Objectives: The aim of this study was to assess the feasibility of real-time computed tomographic (CT) imaging to guide the percutaneous placement of left ventricular (LV) leads in an animal model. Background: Cardiac resynchronization therapy has been shown to improve morbidity and mortality in patients with chronic heart failure. However, placement of the coronary sinus lead can be challenging and may require a more aggressive surgical approach. Methods: Nine swine were placed in a real-time CT scanner to define the safest percutaneous access strategy. Under real-time CT guidance, a 3.5-F pacing lead was placed percutaneously in the anterolateral LV epicardium (n = 6 swine) or to the posterolateral wall after the creation of intentional left pneumothorax (n = 3 swine) in a tangential (n = 12) or perpendicular (n = 1) approach. Pacing parameters and CT images were assessed during 30-min follow-up. Necropsy findings were compared with real-time CT images. Results: CT imaging successfully defined the safest percutaneous access route in all 13 lead placements and guided the therapeutic creation of pneumothoraces. Needle trajectory remained within 5 mm of the access route defined on CT imaging. LV lead placement under CT guidance was successful in all attempts within 19 ± 7 min. The mean pacing thresholds was 2.5 ± 1.5 V, the mean R wave amplitude was 11.2 ± 5.6 mV, and the mean impedance was 686 ± 103 Ω and remained unchanged after tangential placement during 30-min follow-up. Although no cardiac complications were observed with tangential lead placement (12 of 12), the perpendicular approach resulted in a pericardial effusion requiring pericardiocentesis. At necropsy, CT images correlated well with the in situ pathological results. Conclusions: Percutaneous placement of LV pacing leads under CT guidance is feasible and might offer an alternative to more invasive surgical approaches in patients with complicated coronary sinus lead placement.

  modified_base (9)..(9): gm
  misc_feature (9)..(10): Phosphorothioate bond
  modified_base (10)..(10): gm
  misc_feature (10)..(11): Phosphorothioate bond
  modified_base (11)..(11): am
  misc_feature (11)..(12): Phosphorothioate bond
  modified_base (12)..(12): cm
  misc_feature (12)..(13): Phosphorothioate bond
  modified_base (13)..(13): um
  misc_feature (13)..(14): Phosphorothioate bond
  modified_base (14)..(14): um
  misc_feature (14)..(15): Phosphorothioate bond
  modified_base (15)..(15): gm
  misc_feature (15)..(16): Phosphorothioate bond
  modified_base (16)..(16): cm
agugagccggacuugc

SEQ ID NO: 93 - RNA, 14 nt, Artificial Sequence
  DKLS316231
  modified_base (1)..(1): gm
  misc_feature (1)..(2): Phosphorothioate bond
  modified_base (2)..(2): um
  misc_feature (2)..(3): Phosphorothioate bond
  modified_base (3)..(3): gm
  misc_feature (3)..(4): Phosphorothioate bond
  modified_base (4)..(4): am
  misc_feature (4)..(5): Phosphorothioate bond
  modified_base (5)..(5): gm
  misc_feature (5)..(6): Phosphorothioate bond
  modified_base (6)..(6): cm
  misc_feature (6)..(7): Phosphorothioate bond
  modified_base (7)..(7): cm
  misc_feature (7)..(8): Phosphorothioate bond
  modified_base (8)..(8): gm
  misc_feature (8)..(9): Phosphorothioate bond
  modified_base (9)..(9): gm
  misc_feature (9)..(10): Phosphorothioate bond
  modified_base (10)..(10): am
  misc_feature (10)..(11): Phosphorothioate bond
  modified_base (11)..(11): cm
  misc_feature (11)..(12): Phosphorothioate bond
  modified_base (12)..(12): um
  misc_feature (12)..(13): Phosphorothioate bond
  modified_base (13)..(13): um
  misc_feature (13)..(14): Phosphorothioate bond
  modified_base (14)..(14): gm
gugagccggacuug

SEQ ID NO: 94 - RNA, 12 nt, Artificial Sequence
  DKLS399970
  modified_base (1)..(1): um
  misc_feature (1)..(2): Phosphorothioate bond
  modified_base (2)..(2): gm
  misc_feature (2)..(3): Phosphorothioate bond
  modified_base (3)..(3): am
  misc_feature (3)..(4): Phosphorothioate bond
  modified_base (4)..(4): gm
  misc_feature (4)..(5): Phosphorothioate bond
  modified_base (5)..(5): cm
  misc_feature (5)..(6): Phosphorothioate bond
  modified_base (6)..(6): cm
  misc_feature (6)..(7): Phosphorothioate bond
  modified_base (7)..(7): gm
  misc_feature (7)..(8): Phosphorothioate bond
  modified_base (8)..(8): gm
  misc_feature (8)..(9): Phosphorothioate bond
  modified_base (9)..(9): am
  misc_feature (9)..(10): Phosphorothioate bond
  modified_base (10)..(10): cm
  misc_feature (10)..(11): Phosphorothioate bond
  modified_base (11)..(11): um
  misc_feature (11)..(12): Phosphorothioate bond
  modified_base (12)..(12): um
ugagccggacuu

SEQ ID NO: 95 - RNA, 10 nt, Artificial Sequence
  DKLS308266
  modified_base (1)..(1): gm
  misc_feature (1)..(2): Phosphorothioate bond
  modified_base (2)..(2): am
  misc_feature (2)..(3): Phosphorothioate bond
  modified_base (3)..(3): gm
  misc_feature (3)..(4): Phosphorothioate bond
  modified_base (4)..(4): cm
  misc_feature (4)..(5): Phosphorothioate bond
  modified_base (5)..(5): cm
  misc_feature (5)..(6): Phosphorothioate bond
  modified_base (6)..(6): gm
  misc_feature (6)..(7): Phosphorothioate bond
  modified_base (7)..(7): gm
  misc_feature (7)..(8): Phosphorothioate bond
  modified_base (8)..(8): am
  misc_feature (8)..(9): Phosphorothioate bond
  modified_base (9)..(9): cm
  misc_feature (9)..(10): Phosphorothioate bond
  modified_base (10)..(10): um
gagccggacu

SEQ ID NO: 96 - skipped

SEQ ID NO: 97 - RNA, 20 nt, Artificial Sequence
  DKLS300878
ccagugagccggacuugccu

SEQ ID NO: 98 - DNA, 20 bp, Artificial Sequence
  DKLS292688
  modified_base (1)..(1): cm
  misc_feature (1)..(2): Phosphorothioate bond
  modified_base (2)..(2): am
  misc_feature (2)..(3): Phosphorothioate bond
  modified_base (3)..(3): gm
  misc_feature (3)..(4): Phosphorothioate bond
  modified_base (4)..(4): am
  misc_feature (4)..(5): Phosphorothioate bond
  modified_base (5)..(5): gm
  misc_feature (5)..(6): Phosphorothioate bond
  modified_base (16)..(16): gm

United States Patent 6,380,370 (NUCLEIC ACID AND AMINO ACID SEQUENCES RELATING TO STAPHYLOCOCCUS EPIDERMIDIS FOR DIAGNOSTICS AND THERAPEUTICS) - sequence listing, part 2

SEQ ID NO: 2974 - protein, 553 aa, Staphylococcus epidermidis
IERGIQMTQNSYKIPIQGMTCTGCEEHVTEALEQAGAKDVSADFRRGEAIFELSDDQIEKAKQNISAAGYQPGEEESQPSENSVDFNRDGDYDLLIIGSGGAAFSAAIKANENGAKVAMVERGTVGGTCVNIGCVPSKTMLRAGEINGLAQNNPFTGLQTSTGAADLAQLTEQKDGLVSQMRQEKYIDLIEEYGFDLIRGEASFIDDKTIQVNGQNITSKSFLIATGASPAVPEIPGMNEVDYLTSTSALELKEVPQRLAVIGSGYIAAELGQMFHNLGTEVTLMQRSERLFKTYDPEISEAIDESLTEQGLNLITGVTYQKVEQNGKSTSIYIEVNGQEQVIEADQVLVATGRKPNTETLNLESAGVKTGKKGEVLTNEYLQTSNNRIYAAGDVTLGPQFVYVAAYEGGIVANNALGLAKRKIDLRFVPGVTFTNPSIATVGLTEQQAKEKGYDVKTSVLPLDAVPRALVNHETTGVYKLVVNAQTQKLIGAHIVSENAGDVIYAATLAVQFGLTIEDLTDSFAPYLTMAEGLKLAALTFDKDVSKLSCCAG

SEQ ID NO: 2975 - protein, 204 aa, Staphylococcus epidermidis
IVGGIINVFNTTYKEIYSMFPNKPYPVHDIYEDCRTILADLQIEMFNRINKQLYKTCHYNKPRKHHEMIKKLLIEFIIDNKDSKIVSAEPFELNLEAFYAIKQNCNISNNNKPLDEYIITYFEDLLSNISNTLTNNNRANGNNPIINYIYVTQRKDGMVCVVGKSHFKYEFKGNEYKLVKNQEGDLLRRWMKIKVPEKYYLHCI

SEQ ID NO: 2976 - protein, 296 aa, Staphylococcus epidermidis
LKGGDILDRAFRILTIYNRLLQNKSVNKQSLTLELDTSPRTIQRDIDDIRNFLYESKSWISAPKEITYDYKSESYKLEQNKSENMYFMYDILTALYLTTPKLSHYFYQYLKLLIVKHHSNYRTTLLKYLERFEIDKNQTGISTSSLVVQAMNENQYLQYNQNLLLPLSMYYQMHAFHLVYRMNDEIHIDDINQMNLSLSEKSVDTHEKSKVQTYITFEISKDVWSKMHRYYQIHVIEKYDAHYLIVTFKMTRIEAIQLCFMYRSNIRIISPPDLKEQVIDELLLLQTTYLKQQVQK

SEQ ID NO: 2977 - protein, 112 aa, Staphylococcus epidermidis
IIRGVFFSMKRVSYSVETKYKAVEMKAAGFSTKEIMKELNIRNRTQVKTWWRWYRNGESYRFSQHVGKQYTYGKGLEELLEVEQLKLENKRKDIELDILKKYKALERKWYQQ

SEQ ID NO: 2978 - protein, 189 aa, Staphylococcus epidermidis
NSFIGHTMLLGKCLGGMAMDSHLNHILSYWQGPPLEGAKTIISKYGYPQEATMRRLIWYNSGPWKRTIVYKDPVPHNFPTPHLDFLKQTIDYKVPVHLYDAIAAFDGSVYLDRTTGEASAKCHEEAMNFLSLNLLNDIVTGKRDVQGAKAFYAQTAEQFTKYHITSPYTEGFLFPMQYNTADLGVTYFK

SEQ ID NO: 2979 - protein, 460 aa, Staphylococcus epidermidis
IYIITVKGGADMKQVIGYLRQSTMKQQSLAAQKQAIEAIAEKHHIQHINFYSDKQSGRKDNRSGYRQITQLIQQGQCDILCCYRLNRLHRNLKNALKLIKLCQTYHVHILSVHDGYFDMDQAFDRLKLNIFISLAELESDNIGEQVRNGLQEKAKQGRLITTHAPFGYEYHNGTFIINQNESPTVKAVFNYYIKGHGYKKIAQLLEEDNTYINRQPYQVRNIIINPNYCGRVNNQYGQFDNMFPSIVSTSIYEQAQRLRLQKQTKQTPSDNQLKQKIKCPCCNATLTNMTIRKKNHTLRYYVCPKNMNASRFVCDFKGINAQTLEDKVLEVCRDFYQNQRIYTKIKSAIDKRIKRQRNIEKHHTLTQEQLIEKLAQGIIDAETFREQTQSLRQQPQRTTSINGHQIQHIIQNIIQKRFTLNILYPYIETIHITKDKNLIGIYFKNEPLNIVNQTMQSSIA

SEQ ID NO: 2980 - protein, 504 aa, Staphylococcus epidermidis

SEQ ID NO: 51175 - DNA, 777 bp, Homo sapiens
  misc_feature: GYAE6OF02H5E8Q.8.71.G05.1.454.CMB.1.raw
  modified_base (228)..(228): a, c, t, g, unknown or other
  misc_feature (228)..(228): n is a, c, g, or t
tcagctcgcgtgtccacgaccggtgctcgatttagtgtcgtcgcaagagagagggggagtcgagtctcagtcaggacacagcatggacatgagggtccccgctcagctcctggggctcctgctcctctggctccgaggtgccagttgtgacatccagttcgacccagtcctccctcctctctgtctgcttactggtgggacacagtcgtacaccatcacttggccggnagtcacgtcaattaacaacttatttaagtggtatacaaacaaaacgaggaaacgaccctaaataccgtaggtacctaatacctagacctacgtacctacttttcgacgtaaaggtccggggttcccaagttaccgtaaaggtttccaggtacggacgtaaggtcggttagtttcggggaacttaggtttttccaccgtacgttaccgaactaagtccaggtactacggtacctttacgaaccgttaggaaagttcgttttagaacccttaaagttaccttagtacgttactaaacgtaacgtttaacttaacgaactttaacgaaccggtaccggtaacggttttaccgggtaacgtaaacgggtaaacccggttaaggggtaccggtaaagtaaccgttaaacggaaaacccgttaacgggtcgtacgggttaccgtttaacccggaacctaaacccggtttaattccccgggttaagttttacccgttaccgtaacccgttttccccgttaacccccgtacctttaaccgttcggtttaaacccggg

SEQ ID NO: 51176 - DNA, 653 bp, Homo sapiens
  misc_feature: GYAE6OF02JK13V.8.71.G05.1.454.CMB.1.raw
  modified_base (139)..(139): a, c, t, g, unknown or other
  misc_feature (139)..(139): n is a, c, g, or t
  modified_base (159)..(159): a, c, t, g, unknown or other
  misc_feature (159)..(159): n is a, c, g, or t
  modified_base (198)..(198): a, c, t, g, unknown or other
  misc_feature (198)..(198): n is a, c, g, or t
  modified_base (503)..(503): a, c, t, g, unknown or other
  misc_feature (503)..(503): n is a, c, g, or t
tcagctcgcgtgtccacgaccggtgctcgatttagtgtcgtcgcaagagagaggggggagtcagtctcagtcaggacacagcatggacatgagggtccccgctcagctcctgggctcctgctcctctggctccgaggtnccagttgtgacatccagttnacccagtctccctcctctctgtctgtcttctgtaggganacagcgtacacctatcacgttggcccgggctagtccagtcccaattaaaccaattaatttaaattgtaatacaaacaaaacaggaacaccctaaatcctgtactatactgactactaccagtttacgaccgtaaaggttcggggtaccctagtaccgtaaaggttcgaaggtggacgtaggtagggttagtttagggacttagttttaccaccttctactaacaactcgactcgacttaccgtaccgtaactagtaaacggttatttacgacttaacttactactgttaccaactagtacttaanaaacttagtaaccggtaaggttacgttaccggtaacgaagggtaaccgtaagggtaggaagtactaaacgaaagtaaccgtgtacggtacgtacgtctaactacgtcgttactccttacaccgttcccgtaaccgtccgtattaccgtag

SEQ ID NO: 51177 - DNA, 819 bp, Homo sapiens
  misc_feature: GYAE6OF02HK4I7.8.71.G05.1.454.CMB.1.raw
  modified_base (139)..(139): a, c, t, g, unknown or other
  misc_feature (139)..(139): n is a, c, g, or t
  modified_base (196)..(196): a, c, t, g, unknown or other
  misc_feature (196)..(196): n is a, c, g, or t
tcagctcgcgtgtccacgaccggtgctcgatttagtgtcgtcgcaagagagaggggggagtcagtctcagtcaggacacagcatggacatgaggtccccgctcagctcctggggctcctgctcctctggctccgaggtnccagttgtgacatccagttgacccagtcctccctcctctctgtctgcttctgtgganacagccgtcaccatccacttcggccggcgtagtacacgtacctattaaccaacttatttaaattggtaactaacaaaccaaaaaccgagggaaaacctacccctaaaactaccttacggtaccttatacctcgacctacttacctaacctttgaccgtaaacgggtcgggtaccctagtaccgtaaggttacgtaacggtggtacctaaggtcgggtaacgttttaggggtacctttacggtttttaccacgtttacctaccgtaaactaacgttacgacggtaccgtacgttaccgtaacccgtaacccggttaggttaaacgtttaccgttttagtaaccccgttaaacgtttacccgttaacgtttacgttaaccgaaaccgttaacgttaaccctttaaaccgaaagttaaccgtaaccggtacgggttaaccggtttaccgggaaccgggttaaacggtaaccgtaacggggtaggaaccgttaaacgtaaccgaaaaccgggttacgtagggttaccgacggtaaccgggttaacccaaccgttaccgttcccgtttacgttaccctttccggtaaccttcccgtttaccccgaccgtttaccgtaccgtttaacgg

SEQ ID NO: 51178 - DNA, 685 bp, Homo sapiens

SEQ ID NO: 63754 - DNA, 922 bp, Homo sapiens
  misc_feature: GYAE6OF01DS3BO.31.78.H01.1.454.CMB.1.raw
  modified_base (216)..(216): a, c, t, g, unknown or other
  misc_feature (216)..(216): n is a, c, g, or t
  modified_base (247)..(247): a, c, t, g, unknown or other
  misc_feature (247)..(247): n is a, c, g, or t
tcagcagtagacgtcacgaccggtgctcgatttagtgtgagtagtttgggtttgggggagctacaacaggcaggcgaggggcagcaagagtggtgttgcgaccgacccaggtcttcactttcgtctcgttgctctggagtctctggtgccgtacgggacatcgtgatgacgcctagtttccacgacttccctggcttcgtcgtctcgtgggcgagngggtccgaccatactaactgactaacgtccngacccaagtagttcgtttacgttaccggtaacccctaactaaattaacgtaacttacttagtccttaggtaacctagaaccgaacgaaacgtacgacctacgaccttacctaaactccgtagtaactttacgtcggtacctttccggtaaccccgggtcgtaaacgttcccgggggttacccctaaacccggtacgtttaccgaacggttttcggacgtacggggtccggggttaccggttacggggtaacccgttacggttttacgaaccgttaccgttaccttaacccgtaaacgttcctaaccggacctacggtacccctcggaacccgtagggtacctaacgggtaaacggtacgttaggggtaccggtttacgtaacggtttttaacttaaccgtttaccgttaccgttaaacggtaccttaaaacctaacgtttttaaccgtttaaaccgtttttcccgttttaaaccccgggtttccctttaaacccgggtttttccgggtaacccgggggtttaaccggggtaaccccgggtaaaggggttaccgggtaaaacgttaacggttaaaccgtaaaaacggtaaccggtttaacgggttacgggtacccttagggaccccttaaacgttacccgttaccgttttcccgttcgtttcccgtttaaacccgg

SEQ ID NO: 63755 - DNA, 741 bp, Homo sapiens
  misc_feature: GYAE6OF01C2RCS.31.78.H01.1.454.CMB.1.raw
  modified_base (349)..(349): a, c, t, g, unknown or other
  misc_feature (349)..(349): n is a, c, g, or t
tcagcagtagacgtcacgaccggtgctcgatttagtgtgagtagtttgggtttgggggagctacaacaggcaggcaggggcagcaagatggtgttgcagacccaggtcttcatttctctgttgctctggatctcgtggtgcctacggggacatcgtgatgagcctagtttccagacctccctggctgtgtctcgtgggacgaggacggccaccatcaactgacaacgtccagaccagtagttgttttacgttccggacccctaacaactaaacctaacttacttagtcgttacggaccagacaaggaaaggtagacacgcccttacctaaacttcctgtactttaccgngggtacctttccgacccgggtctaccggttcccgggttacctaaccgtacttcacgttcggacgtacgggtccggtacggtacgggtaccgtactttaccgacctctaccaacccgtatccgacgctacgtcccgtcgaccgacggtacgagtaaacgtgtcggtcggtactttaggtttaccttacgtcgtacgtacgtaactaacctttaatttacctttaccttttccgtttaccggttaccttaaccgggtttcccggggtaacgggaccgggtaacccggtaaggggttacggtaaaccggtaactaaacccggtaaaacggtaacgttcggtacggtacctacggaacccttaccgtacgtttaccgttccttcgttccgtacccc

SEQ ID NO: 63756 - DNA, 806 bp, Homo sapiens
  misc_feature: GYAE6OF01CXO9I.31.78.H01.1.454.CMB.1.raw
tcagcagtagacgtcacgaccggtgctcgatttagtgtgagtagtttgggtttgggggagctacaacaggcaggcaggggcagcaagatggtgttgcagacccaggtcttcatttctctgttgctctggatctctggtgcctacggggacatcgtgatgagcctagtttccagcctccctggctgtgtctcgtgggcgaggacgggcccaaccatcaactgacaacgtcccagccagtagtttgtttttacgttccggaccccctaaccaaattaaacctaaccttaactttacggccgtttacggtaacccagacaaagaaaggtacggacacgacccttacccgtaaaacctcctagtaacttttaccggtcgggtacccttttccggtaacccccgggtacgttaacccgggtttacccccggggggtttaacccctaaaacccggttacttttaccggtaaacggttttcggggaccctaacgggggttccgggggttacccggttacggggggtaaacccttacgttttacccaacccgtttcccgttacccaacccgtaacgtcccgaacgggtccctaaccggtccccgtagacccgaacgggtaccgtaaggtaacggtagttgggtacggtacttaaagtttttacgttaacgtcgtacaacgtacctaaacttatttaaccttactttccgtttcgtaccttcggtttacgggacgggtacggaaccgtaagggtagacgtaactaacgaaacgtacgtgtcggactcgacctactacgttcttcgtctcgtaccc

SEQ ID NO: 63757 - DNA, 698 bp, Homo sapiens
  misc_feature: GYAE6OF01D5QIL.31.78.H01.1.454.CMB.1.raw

- computed tomography
- left ventricular pacing
- percutaneous access
- real-time guidance
ASJC Scopus subject areas
- Radiology Nuclear Medicine and imaging
- Cardiology and Cardiovascular Medicine